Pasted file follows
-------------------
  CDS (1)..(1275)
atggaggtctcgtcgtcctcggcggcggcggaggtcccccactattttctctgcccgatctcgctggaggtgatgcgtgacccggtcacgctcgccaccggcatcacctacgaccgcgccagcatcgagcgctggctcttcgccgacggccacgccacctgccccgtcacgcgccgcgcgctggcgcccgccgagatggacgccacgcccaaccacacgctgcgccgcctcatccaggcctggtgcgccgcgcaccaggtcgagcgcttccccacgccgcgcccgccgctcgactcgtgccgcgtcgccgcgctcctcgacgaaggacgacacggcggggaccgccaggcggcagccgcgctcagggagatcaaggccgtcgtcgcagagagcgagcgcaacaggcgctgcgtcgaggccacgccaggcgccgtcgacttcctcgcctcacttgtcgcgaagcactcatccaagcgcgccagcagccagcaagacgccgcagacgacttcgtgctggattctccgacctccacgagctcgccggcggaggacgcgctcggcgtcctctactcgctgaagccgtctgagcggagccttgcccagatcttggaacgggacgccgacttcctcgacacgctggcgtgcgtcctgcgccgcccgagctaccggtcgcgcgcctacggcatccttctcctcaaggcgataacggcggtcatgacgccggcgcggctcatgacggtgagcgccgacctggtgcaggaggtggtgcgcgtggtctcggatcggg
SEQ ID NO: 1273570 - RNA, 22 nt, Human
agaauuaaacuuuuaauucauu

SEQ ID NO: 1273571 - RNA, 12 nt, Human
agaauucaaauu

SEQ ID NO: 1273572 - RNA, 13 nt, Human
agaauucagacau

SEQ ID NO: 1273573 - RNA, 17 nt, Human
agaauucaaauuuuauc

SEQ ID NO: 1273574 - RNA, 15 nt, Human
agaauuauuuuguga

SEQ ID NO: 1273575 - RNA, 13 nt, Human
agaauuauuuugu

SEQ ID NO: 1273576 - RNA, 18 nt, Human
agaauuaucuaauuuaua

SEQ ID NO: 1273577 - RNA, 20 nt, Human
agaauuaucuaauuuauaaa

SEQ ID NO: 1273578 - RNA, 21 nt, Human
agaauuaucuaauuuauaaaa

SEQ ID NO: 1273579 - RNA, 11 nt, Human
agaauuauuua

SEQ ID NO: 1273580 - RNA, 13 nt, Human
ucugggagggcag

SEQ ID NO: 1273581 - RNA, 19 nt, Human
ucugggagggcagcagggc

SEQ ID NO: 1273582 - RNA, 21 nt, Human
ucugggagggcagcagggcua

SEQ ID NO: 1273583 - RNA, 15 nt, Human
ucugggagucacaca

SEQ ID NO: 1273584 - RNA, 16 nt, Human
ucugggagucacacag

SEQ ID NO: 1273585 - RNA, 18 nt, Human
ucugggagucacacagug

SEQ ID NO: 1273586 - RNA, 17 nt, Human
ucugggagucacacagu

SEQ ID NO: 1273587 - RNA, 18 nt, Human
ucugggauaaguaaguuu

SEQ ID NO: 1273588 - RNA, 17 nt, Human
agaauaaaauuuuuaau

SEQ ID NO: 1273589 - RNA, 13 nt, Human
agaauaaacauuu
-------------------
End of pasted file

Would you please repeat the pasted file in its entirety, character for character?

  CDS (1)..(1275)
atggaggtctcgtcgtcctcggcggcggcggaggtcccccactattttctctgcccgatctcgctggaggtgatgcgtgacccggtcacgctcgccaccggcatcacctacgaccgcgccagcatcgagcgctggctcttcgccgacggccacgccacctgccccgtcacgcgccgcgcgctggcgcccgccgagatggacgccacgcccaaccacacgctgcgccgcctcatccaggcctggtgcgccgcgcaccaggtcgagcgcttccccacgccgcgcccgccgctcgactcgtgccgcgtcgccgcgctcctcgacgaaggacgacacggcggggaccgccaggcggcagccgcgctcagggagatcaaggccgtcgtcgcagagagcgagcgcaacaggcgctgcgtcgaggccacgccaggcgccgtcgacttcctcgcctcacttgtcgcgaagcactcatccaagcgcgccagcagccagcaagacgccgcagacgacttcgtgctggattctccgacctccacgagctcgccggcggaggacgcgctcggcgtcctctactcgctgaagccgtctgagcggagccttgcccagatcttggaacgggacgccgacttcctcgacacgctggcgtgcgtcctgcgccgcccgagctaccggtcgcgcgcctacggcatccttctcctcaaggcgataacggcggtcatgacgccggcgcggctcatgacggtgagcgccgacctggtgcaggaggtggtgcgcgtggtctcggatcggg
SEQ ID NO: 1273570 - RNA, 22 nt, Human
agaauuaaacuuuuaauucauu

SEQ ID NO: 1273571 - RNA, 12 nt, Human
agaauucaaauu

SEQ ID NO: 1273572 - RNA, 13 nt, Human
agaauucagacau

SEQ ID NO: 1273573 - RNA, 17 nt, Human
agaauucaaauuuuauc

SEQ ID NO: 1273574 - RNA, 15 nt, Human
agaauuauuuuguga

SEQ ID NO: 1273575 - RNA, 13 nt, Human
agaauuauuuugu

SEQ ID NO: 1273576 - RNA, 18 nt, Human
agaauuaucuaauuuaua

SEQ ID NO: 1273577 - RNA, 20 nt, Human
agaauuaucuaauuuauaaa

SEQ ID NO: 1273578 - RNA, 21 nt, Human
agaauuaucuaauuuauaaaa

SEQ ID NO: 1273579 - RNA, 11 nt, Human
agaauuauuua

SEQ ID NO: 1273580 - RNA, 13 nt, Human
ucugggagggcag

SEQ ID NO: 1273581 - RNA, 19 nt, Human
ucugggagggcagcagggc

SEQ ID NO: 1273582 - RNA, 21 nt, Human
ucugggagggcagcagggcua

SEQ ID NO: 1273583 - RNA, 15 nt, Human
ucugggagucacaca

SEQ ID NO: 1273584 - RNA, 16 nt, Human
ucugggagucacacag

SEQ ID NO: 1273585 - RNA, 18 nt, Human
ucugggagucacacagug

SEQ ID NO: 1273586 - RNA, 17 nt, Human
ucugggagucacacagu

SEQ ID NO: 1273587 - RNA, 18 nt, Human
ucugggauaaguaaguuu

SEQ ID NO: 1273588 - RNA, 17 nt, Human
agaauaaaauuuuuaau

SEQ ID NO: 1273589 - RNA, 13 nt, Human
agaauaaacauuu